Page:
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Oral cancer in men and women: are there differences?


Kruse, Astrid L; Bredell, Marius; Grätz, Klaus W (2011). Oral cancer in men and women: are there differences? Oral and Maxillofacial Surgery, 15(1):51-55.

Abstract

Introduction: Because female user habits for tobacco and alcohol are changing and the female incidence of oral squamous cell carcinoma (SCC) has increased, the aim of the study was to evaluate the possible differences between male and female patients suffering from oral SCC. Patients and methods: The files of 159 male and 119 female patients with oral SCC, who were treated between 1999 and 2008 with a minimum follow-up time of 12months, were evaluated retrospectively. Special attention was paid to tobacco and alcohol use, TN status, recurrence, and metastases rate, as well as to patients without the mentioned risk factors. Results: A higher female median age (65.36 vs. 61.04years) and female predominance was found in the group of patients older than 70years, with a gender distribution of 53:46. Out of 23 female patients with oral maxillary SCC, 15 (65%) were without the risk factors of tobacco and alcohol, and from the 16 male patients suffering from oral maxillary carcinoma, only three (19%) were without the mentioned risk factors. Conclusion: In summary, compared to earlier studies, there was a higher proportion of females in (1) the group without the risk factors of tobacco and alcohol, (2) those with SCC of the hard plate and maxillary alveolus, and (3) in patients older than 70years. There are fewer differences between metastases and recurrence rates. Further studies should be performed in female patients without risk factors and in maxillary cancer with emphasis on the human papilloma virus and infiltration rates

Abstract

Introduction: Because female user habits for tobacco and alcohol are changing and the female incidence of oral squamous cell carcinoma (SCC) has increased, the aim of the study was to evaluate the possible differences between male and female patients suffering from oral SCC. Patients and methods: The files of 159 male and 119 female patients with oral SCC, who were treated between 1999 and 2008 with a minimum follow-up time of 12months, were evaluated retrospectively. Special attention was paid to tobacco and alcohol use, TN status, recurrence, and metastases rate, as well as to patients without the mentioned risk factors. Results: A higher female median age (65.36 vs. 61.04years) and female predominance was found in the group of patients older than 70years, with a gender distribution of 53:46. Out of 23 female patients with oral maxillary SCC, 15 (65%) were without the risk factors of tobacco and alcohol, and from the 16 male patients suffering from oral maxillary carcinoma, only three (19%) were without the mentioned risk factors. Conclusion: In summary, compared to earlier studies, there was a higher proportion of females in (1) the group without the risk factors of tobacco and alcohol, (2) those with SCC of the hard plate and maxillary alveolus, and (3) in patients older than 70years. There are fewer differences between metastases and recurrence rates. Further studies should be performed in female patients without risk factors and in maxillary cancer with emphasis on the human papilloma virus and infiltration rates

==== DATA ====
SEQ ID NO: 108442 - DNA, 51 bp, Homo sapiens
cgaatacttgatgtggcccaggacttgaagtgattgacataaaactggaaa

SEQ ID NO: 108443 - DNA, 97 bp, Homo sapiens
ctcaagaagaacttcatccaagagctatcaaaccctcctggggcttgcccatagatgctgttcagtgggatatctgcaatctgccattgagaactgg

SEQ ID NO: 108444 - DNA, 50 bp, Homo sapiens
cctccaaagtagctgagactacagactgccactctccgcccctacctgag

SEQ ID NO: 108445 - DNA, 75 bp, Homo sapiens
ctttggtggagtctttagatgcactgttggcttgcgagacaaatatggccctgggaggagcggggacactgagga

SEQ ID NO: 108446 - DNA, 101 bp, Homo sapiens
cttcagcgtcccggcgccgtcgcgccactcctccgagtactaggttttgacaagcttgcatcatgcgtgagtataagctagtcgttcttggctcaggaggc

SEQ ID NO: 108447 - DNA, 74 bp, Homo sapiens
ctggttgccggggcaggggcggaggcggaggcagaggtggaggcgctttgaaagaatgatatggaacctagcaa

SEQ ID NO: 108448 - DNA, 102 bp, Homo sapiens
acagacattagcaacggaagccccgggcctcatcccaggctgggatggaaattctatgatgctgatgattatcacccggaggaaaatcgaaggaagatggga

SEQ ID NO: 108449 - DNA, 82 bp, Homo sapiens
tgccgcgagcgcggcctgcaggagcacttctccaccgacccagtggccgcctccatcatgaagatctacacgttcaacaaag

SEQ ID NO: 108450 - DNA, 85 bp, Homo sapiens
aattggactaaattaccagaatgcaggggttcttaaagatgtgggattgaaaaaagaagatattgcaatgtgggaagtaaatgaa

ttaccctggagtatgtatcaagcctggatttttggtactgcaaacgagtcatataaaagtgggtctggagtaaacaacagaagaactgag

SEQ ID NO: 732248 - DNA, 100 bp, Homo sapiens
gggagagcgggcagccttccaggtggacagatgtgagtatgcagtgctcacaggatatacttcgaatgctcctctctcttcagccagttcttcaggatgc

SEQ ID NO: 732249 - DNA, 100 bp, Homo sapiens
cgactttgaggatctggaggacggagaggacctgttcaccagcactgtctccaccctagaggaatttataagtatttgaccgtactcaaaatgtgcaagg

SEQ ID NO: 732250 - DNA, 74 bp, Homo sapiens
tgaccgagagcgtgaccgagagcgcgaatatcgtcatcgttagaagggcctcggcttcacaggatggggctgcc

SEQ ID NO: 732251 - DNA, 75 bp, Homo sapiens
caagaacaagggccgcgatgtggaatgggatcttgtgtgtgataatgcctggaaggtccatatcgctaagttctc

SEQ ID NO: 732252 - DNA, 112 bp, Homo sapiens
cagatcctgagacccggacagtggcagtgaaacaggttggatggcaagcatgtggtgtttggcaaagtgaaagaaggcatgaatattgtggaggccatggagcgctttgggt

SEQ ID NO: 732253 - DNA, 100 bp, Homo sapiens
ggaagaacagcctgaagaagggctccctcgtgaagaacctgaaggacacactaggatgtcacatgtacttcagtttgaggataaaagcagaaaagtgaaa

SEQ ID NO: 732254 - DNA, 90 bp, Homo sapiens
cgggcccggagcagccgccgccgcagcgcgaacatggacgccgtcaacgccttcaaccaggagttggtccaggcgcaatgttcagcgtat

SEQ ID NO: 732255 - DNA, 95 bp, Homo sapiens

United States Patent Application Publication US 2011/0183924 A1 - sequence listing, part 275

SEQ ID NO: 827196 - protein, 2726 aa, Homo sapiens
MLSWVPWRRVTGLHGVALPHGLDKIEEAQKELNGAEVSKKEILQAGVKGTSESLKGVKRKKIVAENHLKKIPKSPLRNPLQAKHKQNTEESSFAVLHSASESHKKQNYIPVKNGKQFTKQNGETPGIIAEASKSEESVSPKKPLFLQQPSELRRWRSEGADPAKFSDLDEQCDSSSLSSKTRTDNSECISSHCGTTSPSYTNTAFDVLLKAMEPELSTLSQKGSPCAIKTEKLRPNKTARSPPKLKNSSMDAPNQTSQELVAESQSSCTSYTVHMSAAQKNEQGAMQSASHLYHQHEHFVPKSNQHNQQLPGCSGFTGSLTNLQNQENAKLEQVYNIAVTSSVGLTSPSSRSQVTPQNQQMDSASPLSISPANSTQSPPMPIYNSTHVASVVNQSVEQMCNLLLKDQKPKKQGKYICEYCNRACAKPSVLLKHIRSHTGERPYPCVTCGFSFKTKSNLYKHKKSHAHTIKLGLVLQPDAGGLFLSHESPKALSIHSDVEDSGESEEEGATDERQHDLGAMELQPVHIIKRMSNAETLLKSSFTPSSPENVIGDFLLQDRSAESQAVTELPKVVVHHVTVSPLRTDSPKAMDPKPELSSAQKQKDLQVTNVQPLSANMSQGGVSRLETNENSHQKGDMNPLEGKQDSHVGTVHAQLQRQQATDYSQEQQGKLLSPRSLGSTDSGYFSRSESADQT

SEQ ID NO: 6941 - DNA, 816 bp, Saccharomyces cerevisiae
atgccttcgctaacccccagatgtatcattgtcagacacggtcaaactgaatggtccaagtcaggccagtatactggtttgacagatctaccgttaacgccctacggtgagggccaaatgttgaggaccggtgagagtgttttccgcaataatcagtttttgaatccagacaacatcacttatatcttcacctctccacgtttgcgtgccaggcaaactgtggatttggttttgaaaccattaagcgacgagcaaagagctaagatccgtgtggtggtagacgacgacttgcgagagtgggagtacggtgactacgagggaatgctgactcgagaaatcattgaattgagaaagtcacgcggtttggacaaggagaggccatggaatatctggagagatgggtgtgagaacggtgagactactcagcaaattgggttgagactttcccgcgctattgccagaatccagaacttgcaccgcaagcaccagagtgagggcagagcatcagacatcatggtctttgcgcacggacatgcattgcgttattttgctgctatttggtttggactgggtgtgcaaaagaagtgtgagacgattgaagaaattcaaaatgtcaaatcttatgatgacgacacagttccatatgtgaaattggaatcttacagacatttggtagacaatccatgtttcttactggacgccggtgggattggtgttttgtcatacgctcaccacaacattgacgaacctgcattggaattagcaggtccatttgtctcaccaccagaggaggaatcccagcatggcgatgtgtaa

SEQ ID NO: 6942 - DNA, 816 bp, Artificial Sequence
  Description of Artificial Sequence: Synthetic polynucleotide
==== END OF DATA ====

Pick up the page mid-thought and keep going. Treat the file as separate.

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Additional indexing

Item Type:Journal Article, refereed, original work
Communities & Collections:National licences > 142-005
Dewey Decimal Classification:610 Medicine & health
Scopus Subject Areas:Health Sciences > Surgery
Health Sciences > Oral Surgery
Health Sciences > Otorhinolaryngology
Language:English
Date:1 March 2011
Deposited On:13 Dec 2018 16:07
Last Modified:31 Jul 2020 02:42
Publisher:Springer
ISSN:1865-1550
OA Status:Green
Publisher DOI:https://doi.org/10.1007/s10006-010-0253-6
Related URLs:https://www.swissbib.ch/Search/Results?lookfor=nationallicencespringer101007s1000601002536 (Library Catalogue)
PubMed ID:21052752

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